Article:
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GENESSA -- THE LONG FIFTIES: JFK, the Beatles and the Onset of the Sixties!

by Gail M Feldman

The Fifties Were a Long, Long Decade; Lee Harvey Oswald Smashed it to Bits

The fifties were the longest decade in modern history; they began in 1945 and didn't end universally until 1963, although for people of my generation (yes, I am a baby boomer) it all ground to a halt in 1962. Even so there was a year-long gap before the sixties took hold, and had Camelot not been shattered there is no telling if or when they might have arrived.

At the onset of the chronological sixties, I was seven years old, in the third grade and unaware that my best friend, Betsy M., was about to throw me over. (I've written of this before and I'm sure I will again: see DOLLS.) Her mother forbade me entry to their house unless I said I loved Jesus Christ. Betsy met me at the door, pleading, "Just say it. You don't have to mean it."

"I can't," I tried to explain. "I just can't. I'm Jewish."

Betsy had the grandest collection of stuffed animals in her room, including a kitten made (and smelling strongly) of real rabbit fur, but I never saw them again.

Around the same time, my elementary school suddenly was plastered with posters of a funny-looking guy I wasn't quite sure wasn't Alfred E. Neuman from Mad magazine. He had the same ears and the same red hair, but his smile was much nicer; he smiled with his mouth and with his eyes. I asked my parents who he was, and they told me his name was John Kennedy and he was running for president. Did we like him, I asked. "I like Johnson better," said my mother, mysteriously (for I had seen no posters of this Johnson), but yes, she admitted, we liked Kennedy.

We liked Senator Kennedy so much that when he came stumping to Levittown, New Jersey (once known as Willingboro and again so known after our departure in the summer of 1963) we drove to the plaza to catch a glimpse of him. My father held me up to I could shake the senator's hand.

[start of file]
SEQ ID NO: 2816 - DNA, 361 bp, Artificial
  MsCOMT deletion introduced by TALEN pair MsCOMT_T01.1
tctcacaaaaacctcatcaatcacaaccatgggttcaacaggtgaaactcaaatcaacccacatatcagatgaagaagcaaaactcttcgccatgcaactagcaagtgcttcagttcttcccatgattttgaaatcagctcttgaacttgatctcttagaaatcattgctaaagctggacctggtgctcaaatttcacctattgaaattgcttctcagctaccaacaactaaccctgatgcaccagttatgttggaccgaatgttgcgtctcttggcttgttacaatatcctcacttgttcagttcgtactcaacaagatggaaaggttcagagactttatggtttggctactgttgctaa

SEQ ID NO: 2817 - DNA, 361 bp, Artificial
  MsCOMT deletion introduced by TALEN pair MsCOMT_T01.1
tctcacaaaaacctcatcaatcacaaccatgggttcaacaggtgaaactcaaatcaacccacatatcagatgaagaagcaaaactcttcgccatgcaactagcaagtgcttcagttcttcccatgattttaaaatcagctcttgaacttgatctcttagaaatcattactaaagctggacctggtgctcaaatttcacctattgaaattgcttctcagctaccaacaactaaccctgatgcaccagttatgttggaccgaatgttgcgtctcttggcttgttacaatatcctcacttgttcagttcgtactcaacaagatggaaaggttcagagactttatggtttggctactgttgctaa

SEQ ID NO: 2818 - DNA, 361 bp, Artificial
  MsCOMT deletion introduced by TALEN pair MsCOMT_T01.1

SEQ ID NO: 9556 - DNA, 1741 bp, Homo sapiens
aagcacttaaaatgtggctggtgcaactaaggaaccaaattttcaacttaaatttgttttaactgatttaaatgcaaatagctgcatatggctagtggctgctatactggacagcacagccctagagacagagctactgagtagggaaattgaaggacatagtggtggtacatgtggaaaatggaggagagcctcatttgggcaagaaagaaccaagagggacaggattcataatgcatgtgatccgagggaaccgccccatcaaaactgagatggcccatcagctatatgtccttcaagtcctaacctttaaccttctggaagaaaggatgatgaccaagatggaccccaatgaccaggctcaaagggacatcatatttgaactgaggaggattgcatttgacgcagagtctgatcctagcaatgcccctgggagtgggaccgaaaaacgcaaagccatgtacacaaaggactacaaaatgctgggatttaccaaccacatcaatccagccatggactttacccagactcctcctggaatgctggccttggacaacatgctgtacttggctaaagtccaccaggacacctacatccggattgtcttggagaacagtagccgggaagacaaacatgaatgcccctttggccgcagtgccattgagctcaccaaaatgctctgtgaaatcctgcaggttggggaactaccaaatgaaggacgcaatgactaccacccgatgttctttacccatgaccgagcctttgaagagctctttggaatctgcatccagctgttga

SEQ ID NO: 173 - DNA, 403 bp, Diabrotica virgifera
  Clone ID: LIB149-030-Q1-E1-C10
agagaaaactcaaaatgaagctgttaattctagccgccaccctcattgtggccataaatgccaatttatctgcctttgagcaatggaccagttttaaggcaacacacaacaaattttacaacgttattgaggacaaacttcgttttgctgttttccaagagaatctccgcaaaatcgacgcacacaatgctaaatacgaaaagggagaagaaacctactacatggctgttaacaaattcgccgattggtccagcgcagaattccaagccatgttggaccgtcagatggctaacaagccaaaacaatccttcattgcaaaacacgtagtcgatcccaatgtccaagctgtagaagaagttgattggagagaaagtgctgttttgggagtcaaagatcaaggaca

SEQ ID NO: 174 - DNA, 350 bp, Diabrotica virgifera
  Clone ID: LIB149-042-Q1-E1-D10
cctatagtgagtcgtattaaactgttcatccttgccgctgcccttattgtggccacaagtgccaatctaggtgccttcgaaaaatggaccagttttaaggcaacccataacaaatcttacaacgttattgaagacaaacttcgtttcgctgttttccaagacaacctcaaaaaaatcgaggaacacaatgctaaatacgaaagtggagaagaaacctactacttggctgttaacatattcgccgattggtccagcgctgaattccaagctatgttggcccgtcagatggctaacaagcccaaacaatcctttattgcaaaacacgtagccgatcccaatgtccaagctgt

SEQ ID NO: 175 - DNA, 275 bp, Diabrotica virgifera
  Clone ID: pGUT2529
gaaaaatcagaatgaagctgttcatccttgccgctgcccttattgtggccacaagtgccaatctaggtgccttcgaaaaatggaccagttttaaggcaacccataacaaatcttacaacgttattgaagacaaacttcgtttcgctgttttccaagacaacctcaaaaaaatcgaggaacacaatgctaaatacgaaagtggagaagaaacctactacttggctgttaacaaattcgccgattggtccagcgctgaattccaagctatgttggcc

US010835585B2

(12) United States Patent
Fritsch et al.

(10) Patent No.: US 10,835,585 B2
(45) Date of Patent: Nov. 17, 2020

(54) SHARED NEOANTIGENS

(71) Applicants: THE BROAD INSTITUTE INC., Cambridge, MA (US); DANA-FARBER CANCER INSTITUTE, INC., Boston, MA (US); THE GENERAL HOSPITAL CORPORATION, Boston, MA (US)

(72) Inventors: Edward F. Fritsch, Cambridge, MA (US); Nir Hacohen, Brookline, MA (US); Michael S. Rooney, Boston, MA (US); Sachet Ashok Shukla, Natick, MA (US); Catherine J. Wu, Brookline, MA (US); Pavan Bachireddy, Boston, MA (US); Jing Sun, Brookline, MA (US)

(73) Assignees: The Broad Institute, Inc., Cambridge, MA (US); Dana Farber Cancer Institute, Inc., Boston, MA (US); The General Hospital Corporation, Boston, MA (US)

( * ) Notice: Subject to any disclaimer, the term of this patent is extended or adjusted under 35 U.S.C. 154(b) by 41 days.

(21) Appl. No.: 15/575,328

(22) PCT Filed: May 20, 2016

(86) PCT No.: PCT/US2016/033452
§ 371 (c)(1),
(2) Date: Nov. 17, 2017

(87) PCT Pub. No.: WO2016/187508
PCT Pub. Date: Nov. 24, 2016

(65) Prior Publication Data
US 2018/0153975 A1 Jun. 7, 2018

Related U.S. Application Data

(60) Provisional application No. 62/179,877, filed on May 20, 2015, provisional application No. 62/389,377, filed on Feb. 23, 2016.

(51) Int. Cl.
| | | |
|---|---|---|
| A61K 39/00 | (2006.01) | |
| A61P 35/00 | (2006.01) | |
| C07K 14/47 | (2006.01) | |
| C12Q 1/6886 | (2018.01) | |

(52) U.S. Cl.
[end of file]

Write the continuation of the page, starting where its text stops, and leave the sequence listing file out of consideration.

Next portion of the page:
From then on I was a fan. I had picture postcards of President (as of course he became) Kennedy all over my closet door. I no longer thought him odd-looking.

I did not understand the Cuban Missile Crisis when it happened, nor the Kennedys' part in it. All I knew was what everyone else in my school new: that the bombs would come, the adults would be unable to protect us and we would all die horribly. The fact that it never happened did nothing to dissuade us from this belief, which many of us hold, if only subconsciously, to this day. My subconscious certainly was full of this fear at the time; my nightmares were all of nuclear holocaust.

When my family moved to Maryland I found myself riding a school bus for the first time in my life. My junior high school, unlike my elementary school, was huge, multileveled and mazelike. I sat in each class with a different group of students, according to a different schedule each day of the week, running up and down stairs between bells, hoping I was in the right corridor, on my way to the right classroom. I was never quite sure where I was supposed to be.

There were no pictures of Kennedy in the hallways, but I could feel his presence nearby. I'd been to visit the White House. My school band conductor and his kind wife often invited me (a lowly drummer girl) to concerts at Constitution Hall, where sometimes the Kennedys too attended. In late '63 a whole gang of us were taken to the White House lawn to watch a performance of the Royal Scottish Guard, who played bagpipes and danced with swords. The President came out to wave to us, Jackie at his side. Caroline, already a demure young lady, smiled. John-John hid shyly behind his father.

They left a charming image in my memory which even today cannot be tainted by anything I've learned about then since, or by my experience of publicity tricks, dirty politics or manipulation of the masses. Despite all that, this one image remains pure.

Then, one Friday, just before sixth period (Geography with Mrs. C,. on an upper floor, at the end of the corridor -- if i was careful I could navigate straight there) I saw one of my classmates, a boy, standing against the wall outside our classroom, between the front and back doors. He had an odd smile on his face, somewhat like the Alfred E. Neuman grin that had been missing from those campaign posters, but there was no smile in his eyes. "The President's been shot," he said.